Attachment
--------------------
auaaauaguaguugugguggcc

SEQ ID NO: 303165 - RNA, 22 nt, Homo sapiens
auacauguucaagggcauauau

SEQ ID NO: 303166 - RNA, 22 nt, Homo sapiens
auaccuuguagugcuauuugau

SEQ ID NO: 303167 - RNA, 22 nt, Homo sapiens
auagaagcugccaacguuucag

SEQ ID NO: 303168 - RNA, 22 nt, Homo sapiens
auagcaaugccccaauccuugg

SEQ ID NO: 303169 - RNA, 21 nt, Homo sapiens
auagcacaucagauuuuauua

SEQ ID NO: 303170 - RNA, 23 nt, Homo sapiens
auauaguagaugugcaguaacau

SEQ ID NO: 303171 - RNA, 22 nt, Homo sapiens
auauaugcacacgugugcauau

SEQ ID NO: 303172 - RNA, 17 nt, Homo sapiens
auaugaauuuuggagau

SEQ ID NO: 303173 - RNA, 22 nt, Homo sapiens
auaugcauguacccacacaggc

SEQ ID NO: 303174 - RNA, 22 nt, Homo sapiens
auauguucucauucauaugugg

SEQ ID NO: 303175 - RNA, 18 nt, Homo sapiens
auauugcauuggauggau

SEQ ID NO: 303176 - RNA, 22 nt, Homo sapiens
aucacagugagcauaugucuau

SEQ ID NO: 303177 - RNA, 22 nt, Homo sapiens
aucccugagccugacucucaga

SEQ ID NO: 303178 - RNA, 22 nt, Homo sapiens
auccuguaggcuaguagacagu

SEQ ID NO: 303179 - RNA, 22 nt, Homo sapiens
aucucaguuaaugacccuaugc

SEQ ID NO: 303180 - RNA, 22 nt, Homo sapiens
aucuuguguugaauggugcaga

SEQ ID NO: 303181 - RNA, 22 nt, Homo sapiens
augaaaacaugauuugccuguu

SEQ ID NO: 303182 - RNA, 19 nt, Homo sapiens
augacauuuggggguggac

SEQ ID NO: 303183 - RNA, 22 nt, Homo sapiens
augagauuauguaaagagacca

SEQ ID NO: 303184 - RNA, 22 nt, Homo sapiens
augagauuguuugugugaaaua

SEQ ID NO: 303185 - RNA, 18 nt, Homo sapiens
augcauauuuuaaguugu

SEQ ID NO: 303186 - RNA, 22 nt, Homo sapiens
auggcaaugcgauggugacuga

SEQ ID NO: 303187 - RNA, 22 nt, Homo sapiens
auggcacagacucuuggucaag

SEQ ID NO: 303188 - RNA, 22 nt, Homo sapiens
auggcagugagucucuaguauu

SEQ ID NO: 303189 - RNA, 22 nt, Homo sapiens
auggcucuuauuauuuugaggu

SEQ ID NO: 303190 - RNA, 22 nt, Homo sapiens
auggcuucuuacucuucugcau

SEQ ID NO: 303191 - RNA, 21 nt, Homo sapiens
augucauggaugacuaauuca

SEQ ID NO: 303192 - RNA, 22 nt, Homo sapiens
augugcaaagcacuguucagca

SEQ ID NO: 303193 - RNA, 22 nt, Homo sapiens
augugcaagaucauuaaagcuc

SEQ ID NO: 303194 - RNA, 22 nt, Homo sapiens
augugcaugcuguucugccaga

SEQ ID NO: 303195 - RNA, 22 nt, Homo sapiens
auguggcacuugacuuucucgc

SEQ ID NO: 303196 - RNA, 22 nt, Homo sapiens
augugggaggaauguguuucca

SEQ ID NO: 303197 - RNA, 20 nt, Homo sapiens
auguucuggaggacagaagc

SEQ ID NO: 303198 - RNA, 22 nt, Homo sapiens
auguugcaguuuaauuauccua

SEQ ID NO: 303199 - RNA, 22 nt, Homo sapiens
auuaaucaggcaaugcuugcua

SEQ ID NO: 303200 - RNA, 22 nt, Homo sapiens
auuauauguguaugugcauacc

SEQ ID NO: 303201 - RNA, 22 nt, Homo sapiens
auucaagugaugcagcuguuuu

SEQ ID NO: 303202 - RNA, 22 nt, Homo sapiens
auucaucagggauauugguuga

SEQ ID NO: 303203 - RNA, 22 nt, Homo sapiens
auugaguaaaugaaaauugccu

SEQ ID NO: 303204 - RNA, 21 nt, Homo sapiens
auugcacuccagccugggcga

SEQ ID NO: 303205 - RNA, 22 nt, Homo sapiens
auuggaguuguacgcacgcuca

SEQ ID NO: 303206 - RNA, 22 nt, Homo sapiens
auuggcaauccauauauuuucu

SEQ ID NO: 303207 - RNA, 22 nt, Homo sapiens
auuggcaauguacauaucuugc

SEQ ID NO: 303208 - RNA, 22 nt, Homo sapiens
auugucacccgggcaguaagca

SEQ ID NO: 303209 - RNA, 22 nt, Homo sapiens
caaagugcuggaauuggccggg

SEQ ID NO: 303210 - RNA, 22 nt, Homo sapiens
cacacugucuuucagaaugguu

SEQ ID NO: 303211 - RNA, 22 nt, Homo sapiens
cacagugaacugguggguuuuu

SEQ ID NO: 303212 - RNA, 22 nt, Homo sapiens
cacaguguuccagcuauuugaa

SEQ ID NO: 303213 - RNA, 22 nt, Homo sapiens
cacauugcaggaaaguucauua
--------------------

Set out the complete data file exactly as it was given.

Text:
auaaauaguaguugugguggcc

SEQ ID NO: 303165 - RNA, 22 nt, Homo sapiens
auacauguucaagggcauauau

SEQ ID NO: 303166 - RNA, 22 nt, Homo sapiens
auaccuuguagugcuauuugau

SEQ ID NO: 303167 - RNA, 22 nt, Homo sapiens
auagaagcugccaacguuucag

SEQ ID NO: 303168 - RNA, 22 nt, Homo sapiens
auagcaaugccccaauccuugg

SEQ ID NO: 303169 - RNA, 21 nt, Homo sapiens
auagcacaucagauuuuauua

SEQ ID NO: 303170 - RNA, 23 nt, Homo sapiens
auauaguagaugugcaguaacau

SEQ ID NO: 303171 - RNA, 22 nt, Homo sapiens
auauaugcacacgugugcauau

SEQ ID NO: 303172 - RNA, 17 nt, Homo sapiens
auaugaauuuuggagau

SEQ ID NO: 303173 - RNA, 22 nt, Homo sapiens
auaugcauguacccacacaggc

SEQ ID NO: 303174 - RNA, 22 nt, Homo sapiens
auauguucucauucauaugugg

SEQ ID NO: 303175 - RNA, 18 nt, Homo sapiens
auauugcauuggauggau

SEQ ID NO: 303176 - RNA, 22 nt, Homo sapiens
aucacagugagcauaugucuau

SEQ ID NO: 303177 - RNA, 22 nt, Homo sapiens
aucccugagccugacucucaga

SEQ ID NO: 303178 - RNA, 22 nt, Homo sapiens
auccuguaggcuaguagacagu

SEQ ID NO: 303179 - RNA, 22 nt, Homo sapiens
aucucaguuaaugacccuaugc

SEQ ID NO: 303180 - RNA, 22 nt, Homo sapiens
aucuuguguugaauggugcaga

SEQ ID NO: 303181 - RNA, 22 nt, Homo sapiens
augaaaacaugauuugccuguu

SEQ ID NO: 303182 - RNA, 19 nt, Homo sapiens
augacauuuggggguggac

SEQ ID NO: 303183 - RNA, 22 nt, Homo sapiens
augagauuauguaaagagacca

SEQ ID NO: 303184 - RNA, 22 nt, Homo sapiens
augagauuguuugugugaaaua

SEQ ID NO: 303185 - RNA, 18 nt, Homo sapiens
augcauauuuuaaguugu

SEQ ID NO: 303186 - RNA, 22 nt, Homo sapiens
auggcaaugcgauggugacuga

SEQ ID NO: 303187 - RNA, 22 nt, Homo sapiens
auggcacagacucuuggucaag

SEQ ID NO: 303188 - RNA, 22 nt, Homo sapiens
auggcagugagucucuaguauu

SEQ ID NO: 303189 - RNA, 22 nt, Homo sapiens
auggcucuuauuauuuugaggu

SEQ ID NO: 303190 - RNA, 22 nt, Homo sapiens
auggcuucuuacucuucugcau

SEQ ID NO: 303191 - RNA, 21 nt, Homo sapiens
augucauggaugacuaauuca

SEQ ID NO: 303192 - RNA, 22 nt, Homo sapiens
augugcaaagcacuguucagca

SEQ ID NO: 303193 - RNA, 22 nt, Homo sapiens
augugcaagaucauuaaagcuc

SEQ ID NO: 303194 - RNA, 22 nt, Homo sapiens
augugcaugcuguucugccaga

SEQ ID NO: 303195 - RNA, 22 nt, Homo sapiens
auguggcacuugacuuucucgc

SEQ ID NO: 303196 - RNA, 22 nt, Homo sapiens
augugggaggaauguguuucca

SEQ ID NO: 303197 - RNA, 20 nt, Homo sapiens
auguucuggaggacagaagc

SEQ ID NO: 303198 - RNA, 22 nt, Homo sapiens
auguugcaguuuaauuauccua

SEQ ID NO: 303199 - RNA, 22 nt, Homo sapiens
auuaaucaggcaaugcuugcua

SEQ ID NO: 303200 - RNA, 22 nt, Homo sapiens
auuauauguguaugugcauacc

SEQ ID NO: 303201 - RNA, 22 nt, Homo sapiens
auucaagugaugcagcuguuuu

SEQ ID NO: 303202 - RNA, 22 nt, Homo sapiens
auucaucagggauauugguuga

SEQ ID NO: 303203 - RNA, 22 nt, Homo sapiens
auugaguaaaugaaaauugccu

SEQ ID NO: 303204 - RNA, 21 nt, Homo sapiens
auugcacuccagccugggcga

SEQ ID NO: 303205 - RNA, 22 nt, Homo sapiens
auuggaguuguacgcacgcuca

SEQ ID NO: 303206 - RNA, 22 nt, Homo sapiens
auuggcaauccauauauuuucu

SEQ ID NO: 303207 - RNA, 22 nt, Homo sapiens
auuggcaauguacauaucuugc

SEQ ID NO: 303208 - RNA, 22 nt, Homo sapiens
auugucacccgggcaguaagca

SEQ ID NO: 303209 - RNA, 22 nt, Homo sapiens
caaagugcuggaauuggccggg

SEQ ID NO: 303210 - RNA, 22 nt, Homo sapiens
cacacugucuuucagaaugguu

SEQ ID NO: 303211 - RNA, 22 nt, Homo sapiens
cacagugaacugguggguuuuu

SEQ ID NO: 303212 - RNA, 22 nt, Homo sapiens
cacaguguuccagcuauuugaa

SEQ ID NO: 303213 - RNA, 22 nt, Homo sapiens
cacauugcaggaaaguucauua